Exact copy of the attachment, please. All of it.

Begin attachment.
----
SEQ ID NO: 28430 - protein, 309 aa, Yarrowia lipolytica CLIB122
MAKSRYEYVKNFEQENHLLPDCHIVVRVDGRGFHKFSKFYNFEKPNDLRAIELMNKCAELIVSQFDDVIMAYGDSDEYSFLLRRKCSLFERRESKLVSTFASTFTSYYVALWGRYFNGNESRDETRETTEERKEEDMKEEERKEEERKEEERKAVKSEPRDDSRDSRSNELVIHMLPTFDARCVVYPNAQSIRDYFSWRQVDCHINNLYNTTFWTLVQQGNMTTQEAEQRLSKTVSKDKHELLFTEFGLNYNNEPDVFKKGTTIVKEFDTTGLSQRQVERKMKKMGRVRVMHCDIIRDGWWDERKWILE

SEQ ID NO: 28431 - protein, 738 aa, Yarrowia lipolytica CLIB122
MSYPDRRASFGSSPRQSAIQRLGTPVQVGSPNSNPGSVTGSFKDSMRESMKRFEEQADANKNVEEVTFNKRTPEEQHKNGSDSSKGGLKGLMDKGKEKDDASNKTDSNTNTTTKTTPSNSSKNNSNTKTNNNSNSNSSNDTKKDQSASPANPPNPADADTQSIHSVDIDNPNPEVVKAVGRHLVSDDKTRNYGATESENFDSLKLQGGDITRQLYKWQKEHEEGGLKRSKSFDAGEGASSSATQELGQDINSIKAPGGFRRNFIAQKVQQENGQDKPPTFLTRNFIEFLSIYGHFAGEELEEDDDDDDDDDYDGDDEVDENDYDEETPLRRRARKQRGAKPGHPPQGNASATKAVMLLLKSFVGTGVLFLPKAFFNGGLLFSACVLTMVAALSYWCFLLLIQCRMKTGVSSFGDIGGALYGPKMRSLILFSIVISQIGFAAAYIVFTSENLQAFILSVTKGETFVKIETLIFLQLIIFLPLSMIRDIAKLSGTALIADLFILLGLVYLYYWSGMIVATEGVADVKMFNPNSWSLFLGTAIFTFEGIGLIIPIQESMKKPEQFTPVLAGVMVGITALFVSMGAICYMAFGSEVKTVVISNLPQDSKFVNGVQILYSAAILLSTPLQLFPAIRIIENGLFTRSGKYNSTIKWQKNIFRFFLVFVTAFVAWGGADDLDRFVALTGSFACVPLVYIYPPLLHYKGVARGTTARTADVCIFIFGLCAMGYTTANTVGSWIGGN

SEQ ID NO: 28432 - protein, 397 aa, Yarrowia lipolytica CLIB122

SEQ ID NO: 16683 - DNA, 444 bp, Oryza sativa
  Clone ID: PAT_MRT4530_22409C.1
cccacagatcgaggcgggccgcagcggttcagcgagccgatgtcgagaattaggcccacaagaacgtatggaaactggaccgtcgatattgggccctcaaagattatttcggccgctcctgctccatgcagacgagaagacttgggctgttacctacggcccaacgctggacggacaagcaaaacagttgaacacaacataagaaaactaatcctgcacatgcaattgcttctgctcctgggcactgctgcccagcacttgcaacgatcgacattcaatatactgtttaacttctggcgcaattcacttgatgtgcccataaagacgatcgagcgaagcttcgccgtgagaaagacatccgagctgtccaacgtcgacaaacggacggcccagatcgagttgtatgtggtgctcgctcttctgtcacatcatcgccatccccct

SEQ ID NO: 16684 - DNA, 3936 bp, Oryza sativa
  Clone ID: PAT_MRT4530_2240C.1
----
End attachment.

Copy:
SEQ ID NO: 28430 - protein, 309 aa, Yarrowia lipolytica CLIB122
MAKSRYEYVKNFEQENHLLPDCHIVVRVDGRGFHKFSKFYNFEKPNDLRAIELMNKCAELIVSQFDDVIMAYGDSDEYSFLLRRKCSLFERRESKLVSTFASTFTSYYVALWGRYFNGNESRDETRETTEERKEEDMKEEERKEEERKEEERKAVKSEPRDDSRDSRSNELVIHMLPTFDARCVVYPNAQSIRDYFSWRQVDCHINNLYNTTFWTLVQQGNMTTQEAEQRLSKTVSKDKHELLFTEFGLNYNNEPDVFKKGTTIVKEFDTTGLSQRQVERKMKKMGRVRVMHCDIIRDGWWDERKWILE

SEQ ID NO: 28431 - protein, 738 aa, Yarrowia lipolytica CLIB122
MSYPDRRASFGSSPRQSAIQRLGTPVQVGSPNSNPGSVTGSFKDSMRESMKRFEEQADANKNVEEVTFNKRTPEEQHKNGSDSSKGGLKGLMDKGKEKDDASNKTDSNTNTTTKTTPSNSSKNNSNTKTNNNSNSNSSNDTKKDQSASPANPPNPADADTQSIHSVDIDNPNPEVVKAVGRHLVSDDKTRNYGATESENFDSLKLQGGDITRQLYKWQKEHEEGGLKRSKSFDAGEGASSSATQELGQDINSIKAPGGFRRNFIAQKVQQENGQDKPPTFLTRNFIEFLSIYGHFAGEELEEDDDDDDDDDYDGDDEVDENDYDEETPLRRRARKQRGAKPGHPPQGNASATKAVMLLLKSFVGTGVLFLPKAFFNGGLLFSACVLTMVAALSYWCFLLLIQCRMKTGVSSFGDIGGALYGPKMRSLILFSIVISQIGFAAAYIVFTSENLQAFILSVTKGETFVKIETLIFLQLIIFLPLSMIRDIAKLSGTALIADLFILLGLVYLYYWSGMIVATEGVADVKMFNPNSWSLFLGTAIFTFEGIGLIIPIQESMKKPEQFTPVLAGVMVGITALFVSMGAICYMAFGSEVKTVVISNLPQDSKFVNGVQILYSAAILLSTPLQLFPAIRIIENGLFTRSGKYNSTIKWQKNIFRFFLVFVTAFVAWGGADDLDRFVALTGSFACVPLVYIYPPLLHYKGVARGTTARTADVCIFIFGLCAMGYTTANTVGSWIGGN

SEQ ID NO: 28432 - protein, 397 aa, Yarrowia lipolytica CLIB122

SEQ ID NO: 16683 - DNA, 444 bp, Oryza sativa
  Clone ID: PAT_MRT4530_22409C.1
cccacagatcgaggcgggccgcagcggttcagcgagccgatgtcgagaattaggcccacaagaacgtatggaaactggaccgtcgatattgggccctcaaagattatttcggccgctcctgctccatgcagacgagaagacttgggctgttacctacggcccaacgctggacggacaagcaaaacagttgaacacaacataagaaaactaatcctgcacatgcaattgcttctgctcctgggcactgctgcccagcacttgcaacgatcgacattcaatatactgtttaacttctggcgcaattcacttgatgtgcccataaagacgatcgagcgaagcttcgccgtgagaaagacatccgagctgtccaacgtcgacaaacggacggcccagatcgagttgtatgtggtgctcgctcttctgtcacatcatcgccatccccct

SEQ ID NO: 16684 - DNA, 3936 bp, Oryza sativa
  Clone ID: PAT_MRT4530_2240C.1